Learn more about a skills-based approach to talent management and how it could help your business better identify and retain quality candidates to meet your staffing needs.
The professional landscape is virtually unrecognizable compared to just ﬁve years ago. Technology is evolving at an unprecedented rate, and the global marketplace is becoming increasingly reliant on digital interactions with consumers.
This evolution has led some experts to predict that approximately 50% of employees will need to be reskilled over the next ﬁve years, according to the World Economic Forum. Additionally, 40% of the core skills that current professionals use to carry out their primary job responsibilities may no longer be relevant in a few years.
The rapid transformation of the professional ecosystem has led many employers to develop a skills-based talent management strategy. This approach diﬀers when compared to traditional methods that typically only look at scholastic education, past credentials, or non-recent work experiences. It provides employers with the agility necessary to manage the real-time abilities of their workforce, which can help them ensure business continuity over the next decade.
Skills-Based Talent Management Vs. Traditional Talent Management
When it comes to hiring, traditional talent management strategies vet applicants based on their degrees, the quality of their resumes, and their interviewing ability. While these practices can provide surface-level information about applicants’ skills and talents, they do not eﬀectively measure their real-world aptitudes or job ﬁt.
Traditional talent management is often ineﬀective when upskilling and reskilling existing staﬀ or selecting individuals for promotion opportunities. When determining who to promote, upper-level staﬀ typically base their decisions on tenure and subjective opinions of an employee’s performance.
As the name implies, skills-based talent management measures candidates solely based on their professional abilities. This eliminates guesswork and vague speculation about possible candidates and minimizes the possibility that subconscious bias could taint the process. Employers can instead identify candidates who have the right experience, rather than basing hiring and promotion decisions on certiﬁcations, education, or past work experience.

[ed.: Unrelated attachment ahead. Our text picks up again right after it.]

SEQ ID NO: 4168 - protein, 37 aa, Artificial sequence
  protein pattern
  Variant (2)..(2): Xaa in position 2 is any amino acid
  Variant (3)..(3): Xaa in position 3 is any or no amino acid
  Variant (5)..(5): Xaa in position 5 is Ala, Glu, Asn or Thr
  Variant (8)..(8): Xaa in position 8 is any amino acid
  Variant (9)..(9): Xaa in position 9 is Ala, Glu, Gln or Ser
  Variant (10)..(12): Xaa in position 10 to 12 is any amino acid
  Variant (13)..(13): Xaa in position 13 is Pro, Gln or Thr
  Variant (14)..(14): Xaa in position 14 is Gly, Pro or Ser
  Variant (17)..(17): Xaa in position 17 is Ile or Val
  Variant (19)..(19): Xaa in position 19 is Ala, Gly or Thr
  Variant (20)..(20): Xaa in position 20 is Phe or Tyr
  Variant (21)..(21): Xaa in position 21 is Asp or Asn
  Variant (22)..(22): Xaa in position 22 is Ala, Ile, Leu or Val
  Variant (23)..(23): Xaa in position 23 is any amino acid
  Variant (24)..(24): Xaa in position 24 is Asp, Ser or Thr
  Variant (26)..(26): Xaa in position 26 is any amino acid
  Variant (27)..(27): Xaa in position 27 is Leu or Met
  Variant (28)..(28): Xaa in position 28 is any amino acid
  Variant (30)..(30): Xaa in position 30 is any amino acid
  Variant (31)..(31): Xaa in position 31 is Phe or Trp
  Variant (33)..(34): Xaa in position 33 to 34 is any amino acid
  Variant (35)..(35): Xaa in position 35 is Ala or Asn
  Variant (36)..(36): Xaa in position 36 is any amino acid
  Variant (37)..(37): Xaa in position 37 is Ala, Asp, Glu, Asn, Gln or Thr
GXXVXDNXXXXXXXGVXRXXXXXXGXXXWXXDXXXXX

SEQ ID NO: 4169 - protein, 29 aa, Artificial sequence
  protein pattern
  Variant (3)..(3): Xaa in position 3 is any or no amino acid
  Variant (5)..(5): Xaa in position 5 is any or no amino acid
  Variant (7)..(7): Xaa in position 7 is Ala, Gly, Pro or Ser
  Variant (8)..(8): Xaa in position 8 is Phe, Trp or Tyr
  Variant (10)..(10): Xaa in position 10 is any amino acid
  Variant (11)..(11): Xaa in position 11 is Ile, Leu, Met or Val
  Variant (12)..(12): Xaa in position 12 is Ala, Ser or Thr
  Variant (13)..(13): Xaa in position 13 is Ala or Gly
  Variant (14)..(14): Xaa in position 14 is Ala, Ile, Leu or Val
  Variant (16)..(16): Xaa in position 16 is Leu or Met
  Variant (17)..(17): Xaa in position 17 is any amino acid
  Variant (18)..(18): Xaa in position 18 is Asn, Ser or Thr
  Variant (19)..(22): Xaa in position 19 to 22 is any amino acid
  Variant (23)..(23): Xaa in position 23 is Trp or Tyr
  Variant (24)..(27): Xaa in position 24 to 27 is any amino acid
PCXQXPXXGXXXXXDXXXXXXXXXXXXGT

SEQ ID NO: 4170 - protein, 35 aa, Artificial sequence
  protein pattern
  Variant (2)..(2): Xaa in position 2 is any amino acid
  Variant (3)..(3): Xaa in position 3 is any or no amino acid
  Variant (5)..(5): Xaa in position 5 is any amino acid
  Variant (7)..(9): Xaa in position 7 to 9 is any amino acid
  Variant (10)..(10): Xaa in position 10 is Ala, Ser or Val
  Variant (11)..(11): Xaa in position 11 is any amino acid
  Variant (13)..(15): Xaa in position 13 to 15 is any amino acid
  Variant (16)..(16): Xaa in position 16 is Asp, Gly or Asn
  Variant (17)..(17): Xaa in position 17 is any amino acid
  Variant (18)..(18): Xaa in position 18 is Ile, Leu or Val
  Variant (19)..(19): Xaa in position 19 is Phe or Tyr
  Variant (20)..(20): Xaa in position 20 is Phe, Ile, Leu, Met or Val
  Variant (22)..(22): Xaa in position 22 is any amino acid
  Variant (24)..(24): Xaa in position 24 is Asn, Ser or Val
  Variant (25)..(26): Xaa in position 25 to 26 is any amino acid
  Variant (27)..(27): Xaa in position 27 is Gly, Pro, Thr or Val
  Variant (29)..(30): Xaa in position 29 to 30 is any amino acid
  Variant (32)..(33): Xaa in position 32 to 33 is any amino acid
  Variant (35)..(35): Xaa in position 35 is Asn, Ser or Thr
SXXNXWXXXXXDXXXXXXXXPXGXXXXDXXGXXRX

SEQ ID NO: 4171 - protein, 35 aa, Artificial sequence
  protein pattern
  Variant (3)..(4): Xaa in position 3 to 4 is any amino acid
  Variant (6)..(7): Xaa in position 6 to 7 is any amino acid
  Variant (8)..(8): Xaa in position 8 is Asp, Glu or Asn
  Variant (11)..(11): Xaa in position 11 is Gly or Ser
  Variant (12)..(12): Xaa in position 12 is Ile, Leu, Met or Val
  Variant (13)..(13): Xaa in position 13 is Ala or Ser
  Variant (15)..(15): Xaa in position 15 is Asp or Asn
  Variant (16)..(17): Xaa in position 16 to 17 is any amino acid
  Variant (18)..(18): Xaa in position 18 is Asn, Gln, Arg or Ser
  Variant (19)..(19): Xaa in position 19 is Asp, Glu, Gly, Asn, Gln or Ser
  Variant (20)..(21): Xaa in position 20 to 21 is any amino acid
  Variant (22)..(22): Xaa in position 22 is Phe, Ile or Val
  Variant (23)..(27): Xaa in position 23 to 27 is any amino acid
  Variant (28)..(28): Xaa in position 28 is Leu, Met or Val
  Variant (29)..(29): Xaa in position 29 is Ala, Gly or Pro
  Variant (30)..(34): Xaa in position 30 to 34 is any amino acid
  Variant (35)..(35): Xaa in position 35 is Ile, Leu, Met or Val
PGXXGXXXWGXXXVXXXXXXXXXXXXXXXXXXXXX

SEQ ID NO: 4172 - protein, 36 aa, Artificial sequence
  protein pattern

Skills-Based Talent Management For Hiring And Employee Development
When used appropriately, skills-based talent management signiﬁcantly can improve the way organizations hire talent by helping hiring teams identify top applicants and move them to the next stage of the hiring process.
Upskilling or reskilling employees is the No. 2 focus for Learning and Development leaders in 2022, according to ﬁndings from LinkedIn Learning. This means organizations need to develop strong employee training programs to ensure they’re fostering growth among their teams. Developing a skills-based talent management strategy could assist these eﬀorts. For example, problem solving, resilience, and adaptability are skills that have never been more in need than they are today.
Employers should assess their staﬀ’s current skills and abilities. They can then use this information to identify training needs and implement employee development programs tailored to each employee’s needs and career goals. This enables employers to make promotion decisions based on merit instead of subjective factors so they can select the best person for each job.
Developing A Skills-Based Talent Management Strategy
According to Deloitte, approximately 45% of organizations reward their staﬀ for acquiring new skills and abilities. However, only 14% of businesses plan to deploy a strategy that pays for skills. This disconnect is a concern because skills-based talent management provides a way of mitigating potential unconscious bias, thus increasing opportunity equity and protecting business continuity.
Organizations interested in implementing a talent management strategy that focuses on talent should reevaluate how they deﬁne job roles. This will entail creating new job descriptions that focus on talents and skills, instead of degrees and certiﬁcations, and training managers to apply this line of thinking to staﬀ training and identifying “promotable” employees.
After an organization has created a comprehensive talent management strategy, it must develop a way to measure skills. This means taking a look at your current screening tools and seeing how you can implement skills and behavioral assessments that make sense for your organization. Make sure you’re measuring learned abilities and talents. Getting an insight into an applicant’s personality traits can help employers determine whether candidates are a good cultural ﬁt for the organization.
You make better-informed decisions about hiring, training, and development, and coaching your employees when you know what skills you need in your organization. Hiring and reskilling for the necessary skills to thrive in today’s business environment means that employers need to adapt to the changing job landscape and plan for the future.
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